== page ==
Top 10 Country Acts Who Rock
We admit we’ve often scratched our heads when rock fans say they don’t like country music. After all, rock is as indebted to country — especially Southern rock and the entire singer-songwriter movement of the ’70s — as it is to the blues. Also, many of our favorite rockers, including Bob Dylan, Elton John and Neil Young, have long incorporated some twang into their sound as a nod to their roots.
If you’ve ever wanted to learn more about country but didn’t know where to start, use our list of Country Acts Who Rock as a primer. These 10 men and women — and plenty others who just missed the cut (sorry, Loretta Lynn!) stand out because the quality of their work and career longevity have long made the rock world notice.
Her last name (we’ll get to her father later) may have helped give her career a boost, but Rosanne Cash earned her fame — and a spot on our list of Country Artists Who Rock — on her own. Her albums ‘The Wheel’ (1990) and ‘Interiors’ (1993), which chronicled the end of her marriage to Rodney Crowell (also a great country artist), are as unflinchingly honest as anything Joni Mitchell ever recorded. Her most recent effort, 2014’s ‘The River and the Thread,’ finds her still at the top of her game.
Arguably country music’s greatest pure singer, George Jones could, to use the cliche, sing the phonebook and make you cry. He’ll always be remembered for his duets with Tammy Wynette and solo classics like ‘The Grand Tour,’ ‘He Stopped Loving Her Today’ and ‘She Thinks I Still Care.’ And if you think Axl Rose perfected the art of being late to the stage, let’s just say there’s a reason Jones earned the nickname of “No-Show Jones.”
One of the defining practitioners of the Outlaw Country genre, Merle Haggard was in the crowd at San Quentin when Johnny Cash performed there in 1958. After his release he, along with Buck Owens, helped popularize the Bakersfield Sound, a less-polished reaction to what was coming out of Nashville that was also a tremendous influence on the L.A. country-rock scene. And he’s a fantastic guitar player to boot.
His rugged good looks made him a movie star in the ‘70s, but Kris Kristofferson started out as a janitor in Columbia Records’ Nashville studio, sweeping up and emptying ashtrays while studying the masters (including Dylan, who recorded ‘Blonde on Blonde’ there during Kristofferson’s employment). Eventually, he got his songs into the hands of the right people, including Janis Joplin, who had her biggest hit with his ‘Me and Bobby McGee.’
Because of her crossover pop success, Dolly Parton doesn’t always get the credit she deserves. But she lands a spot on our list of Country Acts Who Rock because underneath the image is a whip-smart woman (with a great sense of humor about it) who has recorded dozens of classic country songs – many of them self-penned -- since her early days with Porter Wagoner in the late-‘60s. A natural entertainer and tireless performer, Parton is still going strong, with her 42nd album, ‘Blue Smoke’ released in May 2014. And we proudly admit to loving ‘Islands in the Stream’ unironically.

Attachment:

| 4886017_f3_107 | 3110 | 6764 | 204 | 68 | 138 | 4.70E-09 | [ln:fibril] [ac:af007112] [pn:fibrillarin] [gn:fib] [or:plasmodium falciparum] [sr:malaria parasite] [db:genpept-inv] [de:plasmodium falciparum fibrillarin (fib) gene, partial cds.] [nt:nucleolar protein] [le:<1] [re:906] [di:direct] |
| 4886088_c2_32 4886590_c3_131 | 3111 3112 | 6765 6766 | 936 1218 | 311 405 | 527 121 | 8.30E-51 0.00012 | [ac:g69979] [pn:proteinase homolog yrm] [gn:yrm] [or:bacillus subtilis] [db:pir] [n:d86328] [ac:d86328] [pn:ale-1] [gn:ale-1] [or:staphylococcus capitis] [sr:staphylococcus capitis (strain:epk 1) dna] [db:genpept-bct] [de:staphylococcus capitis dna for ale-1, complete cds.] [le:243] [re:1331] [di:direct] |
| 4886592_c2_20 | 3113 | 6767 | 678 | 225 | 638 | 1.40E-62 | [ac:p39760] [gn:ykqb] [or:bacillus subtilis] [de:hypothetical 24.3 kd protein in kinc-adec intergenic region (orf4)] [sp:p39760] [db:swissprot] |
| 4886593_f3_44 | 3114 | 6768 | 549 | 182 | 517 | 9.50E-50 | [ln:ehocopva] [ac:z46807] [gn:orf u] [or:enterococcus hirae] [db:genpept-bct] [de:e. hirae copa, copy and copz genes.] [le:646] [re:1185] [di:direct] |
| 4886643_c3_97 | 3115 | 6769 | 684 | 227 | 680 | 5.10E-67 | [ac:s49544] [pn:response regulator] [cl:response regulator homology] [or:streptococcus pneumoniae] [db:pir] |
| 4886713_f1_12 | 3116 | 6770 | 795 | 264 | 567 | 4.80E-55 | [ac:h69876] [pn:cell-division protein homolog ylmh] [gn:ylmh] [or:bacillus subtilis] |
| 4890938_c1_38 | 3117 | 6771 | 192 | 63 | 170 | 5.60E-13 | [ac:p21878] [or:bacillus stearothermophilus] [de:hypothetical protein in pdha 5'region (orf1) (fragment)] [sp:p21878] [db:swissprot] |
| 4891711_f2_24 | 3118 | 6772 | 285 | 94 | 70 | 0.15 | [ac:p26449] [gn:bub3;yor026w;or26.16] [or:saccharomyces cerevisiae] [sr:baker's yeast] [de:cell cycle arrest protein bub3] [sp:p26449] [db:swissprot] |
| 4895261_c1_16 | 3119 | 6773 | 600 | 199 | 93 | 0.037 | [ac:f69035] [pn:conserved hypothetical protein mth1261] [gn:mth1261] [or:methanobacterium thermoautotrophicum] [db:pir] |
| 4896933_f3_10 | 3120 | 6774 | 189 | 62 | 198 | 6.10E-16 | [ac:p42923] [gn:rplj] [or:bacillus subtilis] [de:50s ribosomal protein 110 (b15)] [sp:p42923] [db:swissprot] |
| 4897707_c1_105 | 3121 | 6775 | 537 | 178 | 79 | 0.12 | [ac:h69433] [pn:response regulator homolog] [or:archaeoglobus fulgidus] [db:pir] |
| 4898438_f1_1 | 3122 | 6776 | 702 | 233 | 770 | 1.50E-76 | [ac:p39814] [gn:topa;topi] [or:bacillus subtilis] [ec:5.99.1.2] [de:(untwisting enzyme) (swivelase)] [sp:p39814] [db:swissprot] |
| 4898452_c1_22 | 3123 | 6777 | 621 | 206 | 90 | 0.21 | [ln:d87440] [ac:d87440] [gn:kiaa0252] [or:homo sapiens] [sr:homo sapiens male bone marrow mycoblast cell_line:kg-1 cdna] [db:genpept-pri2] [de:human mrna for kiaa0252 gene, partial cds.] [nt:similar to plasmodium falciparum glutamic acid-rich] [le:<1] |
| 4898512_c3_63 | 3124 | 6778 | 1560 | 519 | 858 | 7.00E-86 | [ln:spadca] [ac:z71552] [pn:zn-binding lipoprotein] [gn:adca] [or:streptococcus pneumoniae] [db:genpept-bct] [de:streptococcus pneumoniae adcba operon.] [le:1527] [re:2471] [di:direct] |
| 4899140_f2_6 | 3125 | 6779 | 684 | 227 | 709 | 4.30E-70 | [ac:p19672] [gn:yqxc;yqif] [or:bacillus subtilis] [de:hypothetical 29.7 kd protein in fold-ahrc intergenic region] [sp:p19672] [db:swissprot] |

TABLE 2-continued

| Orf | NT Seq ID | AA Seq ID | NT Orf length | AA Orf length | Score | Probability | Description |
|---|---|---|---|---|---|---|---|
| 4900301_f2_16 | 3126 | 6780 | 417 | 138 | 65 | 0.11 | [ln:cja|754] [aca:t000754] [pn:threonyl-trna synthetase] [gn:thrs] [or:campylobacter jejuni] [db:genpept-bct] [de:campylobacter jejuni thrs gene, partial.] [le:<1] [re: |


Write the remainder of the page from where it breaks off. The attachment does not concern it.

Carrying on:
A death at a young age caused by a battle with addiction has been the life story of many a rock star. Hank Williams, who died at 29 on New Years Day, 1953 – 18 months before Elvis Presley first set foot in Sun Records – got there first. But in the half-decade before that, he defined country songwriting with his honest, direct and emotional tunes that have been covered by artists as diverse as Tony Bennett, George Thorogood, the Replacements and the Preservation Hall Jazz Band.
He’s probably loved as much these days for his marijuana advocacy as his music, but Willie Nelson and with his well-worn guitar, Trigger, have been a major force in country music since the mid-‘50s. He started as a songwriter, penning hits like ‘Crazy’ for Patsy Cline and ‘Pretty Paper’ for Roy Orbison. By the ‘70s he, along with Haggard (see No. 8 on our list of Country Acts Who Rock) and Waylon Jennings were the leaders of the burgeoning Outlaw Country scene. Mainstream pop success and film roles beckoned, and he’s also used his fame to launch, with Neil Young and John Mellencamp, the annual Farm Aid concerts in 1985.
When Steve Earle’s first albums came out in the mid-'80s, he was marketed as somewhat of a country version of Bruce Springsteen thanks to his honest and emotional portrayals of blue-collar life. But within a few years, his addictions caught up with him. A prison sentence on drugs and weapons charges in the early-'90s helped him clean up and, in 1995, he began releasing a string of incredible albums that continues to this day.
As a folksinger working the clubs along the Eastern seaboard, Emmylou Harris was discovered by Gram Parsons, who was striking out on his own after his departure from the Flying Burrito Brothers. He taught her about country music and after his 1973 death, she embarked on a successful solo career that has seen her follow her muse at every step.
Who else to top our list of Country Acts Who Rock but the Man in Black? Whether singing spirituals, love songs or songs of injustice, Johnny Cash’s baritone gave weight to every note he sang, from his early hits on Sun, through his socially relevant work in the ‘60s and his late-in-life hit albums produced by Rick Rubin. The 2005 biopic, ‘Walk the Line,’ may have Hollywood-ized some aspects of his life, but his 1997 book, ‘Cash: The Autobiography,’ holds nothing back.